Between 1492 and 1750, Africa and America experienced similarities in the introduction of new crops, movement on natives, and disease, while having differences in shift gender population, the amount of deaths, ethnicity change, and environment.
Africa and America both experienced the introduction of new crops. In Africa, American crops such as maize were very useful in order to sustain the population. The cheap new source of food allowed Africa to sustain its population. America received new crops and animals such as rice and chickens. Both regions experienced an offset in the native population as a result of the Europeans. The demand for slavery in Africa resulted in a massive amount of natives being shipped to America. In America, the remainder of the Aztecs and Inca in Latin America were either moved or put under forced labor. In North America, smaller tribes such as the Iroquois and Algonquin were pushed off of their land by English and Dutch settlers. Both regions also experienced a widespread of disease. In Africa, diseases like Syphilis spread easily because most Africans were uneducated about sanitation. In America, native populations of the Aztecs and Inca were decimated by smallpox. The Aztecs, like the Africans, did not have the proper sanitary conditions, and new diseases meant that they were not immune to them.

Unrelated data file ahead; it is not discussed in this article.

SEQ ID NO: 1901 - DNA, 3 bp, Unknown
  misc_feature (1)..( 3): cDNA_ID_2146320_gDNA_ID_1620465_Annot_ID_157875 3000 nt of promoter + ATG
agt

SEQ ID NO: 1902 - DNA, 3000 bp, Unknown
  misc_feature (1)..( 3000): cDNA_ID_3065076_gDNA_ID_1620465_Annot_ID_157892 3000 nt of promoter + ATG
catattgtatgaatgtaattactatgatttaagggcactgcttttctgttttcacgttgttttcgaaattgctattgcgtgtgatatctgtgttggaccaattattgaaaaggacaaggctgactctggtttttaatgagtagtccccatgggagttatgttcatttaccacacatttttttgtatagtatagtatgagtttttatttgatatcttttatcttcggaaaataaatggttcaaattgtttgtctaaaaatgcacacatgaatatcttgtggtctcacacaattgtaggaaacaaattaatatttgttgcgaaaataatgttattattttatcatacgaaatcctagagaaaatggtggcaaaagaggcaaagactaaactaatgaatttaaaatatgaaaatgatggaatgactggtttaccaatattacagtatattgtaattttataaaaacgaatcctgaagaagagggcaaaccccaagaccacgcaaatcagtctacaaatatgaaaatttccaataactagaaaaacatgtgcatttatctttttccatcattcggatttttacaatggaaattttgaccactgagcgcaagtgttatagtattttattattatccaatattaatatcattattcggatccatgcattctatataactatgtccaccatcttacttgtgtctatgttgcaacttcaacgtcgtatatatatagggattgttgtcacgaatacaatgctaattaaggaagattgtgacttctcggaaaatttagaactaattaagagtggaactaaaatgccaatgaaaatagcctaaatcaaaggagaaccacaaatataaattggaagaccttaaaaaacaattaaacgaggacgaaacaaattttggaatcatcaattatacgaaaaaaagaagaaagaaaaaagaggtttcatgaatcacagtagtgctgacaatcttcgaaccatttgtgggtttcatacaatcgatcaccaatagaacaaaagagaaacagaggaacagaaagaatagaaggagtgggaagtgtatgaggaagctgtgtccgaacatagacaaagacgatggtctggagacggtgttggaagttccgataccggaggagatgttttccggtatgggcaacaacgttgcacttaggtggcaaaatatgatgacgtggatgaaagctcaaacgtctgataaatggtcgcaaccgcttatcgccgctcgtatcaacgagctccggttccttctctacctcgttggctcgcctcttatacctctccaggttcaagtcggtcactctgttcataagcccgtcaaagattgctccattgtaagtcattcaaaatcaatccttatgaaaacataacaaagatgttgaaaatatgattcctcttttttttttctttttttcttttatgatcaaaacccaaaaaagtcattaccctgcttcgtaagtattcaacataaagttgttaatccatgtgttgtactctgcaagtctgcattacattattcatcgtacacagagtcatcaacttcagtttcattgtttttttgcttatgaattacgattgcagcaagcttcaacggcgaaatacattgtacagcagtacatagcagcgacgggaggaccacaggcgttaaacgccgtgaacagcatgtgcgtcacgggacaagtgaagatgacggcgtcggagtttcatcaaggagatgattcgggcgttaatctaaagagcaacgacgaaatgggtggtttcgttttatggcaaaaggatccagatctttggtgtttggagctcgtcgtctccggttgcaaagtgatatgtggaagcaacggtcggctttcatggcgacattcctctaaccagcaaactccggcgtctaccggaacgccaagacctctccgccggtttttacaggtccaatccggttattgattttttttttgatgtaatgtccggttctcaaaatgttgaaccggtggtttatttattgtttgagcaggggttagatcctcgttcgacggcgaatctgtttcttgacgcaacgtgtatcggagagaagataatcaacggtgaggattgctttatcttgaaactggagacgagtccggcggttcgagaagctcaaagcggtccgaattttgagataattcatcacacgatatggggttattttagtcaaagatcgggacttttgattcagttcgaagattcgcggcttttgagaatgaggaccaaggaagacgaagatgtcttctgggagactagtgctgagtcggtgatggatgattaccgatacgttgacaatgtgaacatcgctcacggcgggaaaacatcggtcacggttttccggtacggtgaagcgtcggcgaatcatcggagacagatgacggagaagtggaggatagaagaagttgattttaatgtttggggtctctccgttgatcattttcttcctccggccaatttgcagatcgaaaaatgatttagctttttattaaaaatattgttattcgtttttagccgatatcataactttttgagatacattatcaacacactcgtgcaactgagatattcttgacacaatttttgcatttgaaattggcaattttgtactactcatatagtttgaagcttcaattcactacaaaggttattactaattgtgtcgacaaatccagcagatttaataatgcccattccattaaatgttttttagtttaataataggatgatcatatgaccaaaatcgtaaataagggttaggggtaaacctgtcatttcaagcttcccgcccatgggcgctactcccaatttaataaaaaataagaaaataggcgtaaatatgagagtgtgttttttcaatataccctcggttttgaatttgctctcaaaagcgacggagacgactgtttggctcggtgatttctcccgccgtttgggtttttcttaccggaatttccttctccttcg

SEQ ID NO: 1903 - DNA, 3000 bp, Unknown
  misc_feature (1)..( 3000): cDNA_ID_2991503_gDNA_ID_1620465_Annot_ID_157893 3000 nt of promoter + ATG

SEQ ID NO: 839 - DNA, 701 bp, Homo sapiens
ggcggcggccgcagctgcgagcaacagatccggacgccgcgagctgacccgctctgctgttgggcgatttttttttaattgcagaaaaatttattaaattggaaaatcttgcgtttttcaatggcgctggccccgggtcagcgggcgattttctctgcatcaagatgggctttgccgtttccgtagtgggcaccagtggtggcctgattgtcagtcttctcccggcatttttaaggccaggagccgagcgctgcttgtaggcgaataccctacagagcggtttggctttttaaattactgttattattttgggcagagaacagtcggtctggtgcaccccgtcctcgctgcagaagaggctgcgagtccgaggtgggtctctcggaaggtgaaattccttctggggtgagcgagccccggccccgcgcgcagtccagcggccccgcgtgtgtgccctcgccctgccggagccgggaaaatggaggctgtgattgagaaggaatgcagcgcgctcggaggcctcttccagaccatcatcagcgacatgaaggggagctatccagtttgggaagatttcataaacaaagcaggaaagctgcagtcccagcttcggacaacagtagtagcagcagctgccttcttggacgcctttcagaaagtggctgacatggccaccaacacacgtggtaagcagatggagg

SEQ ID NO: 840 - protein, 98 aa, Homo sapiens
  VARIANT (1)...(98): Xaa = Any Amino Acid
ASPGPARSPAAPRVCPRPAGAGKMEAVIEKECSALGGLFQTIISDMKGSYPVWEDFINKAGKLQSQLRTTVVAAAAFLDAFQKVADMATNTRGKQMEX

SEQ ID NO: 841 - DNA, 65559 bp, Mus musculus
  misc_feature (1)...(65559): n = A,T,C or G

One major difference was the shift in the amount of men and women in each region. In Africa, most of the slaves taken were males. This meant that the majority of the African population became female. As a result of all of the slaves imported to the new world, the majority of America was male. Another difference was the amount of death among the natives. In America, a very large percentage of the native population died. In Africa, the shift in population was caused more by African slaves being taken out. While death was common along the Atlantic circuit, Africa was better equipped to sustain its native population. Foods brought from the New...
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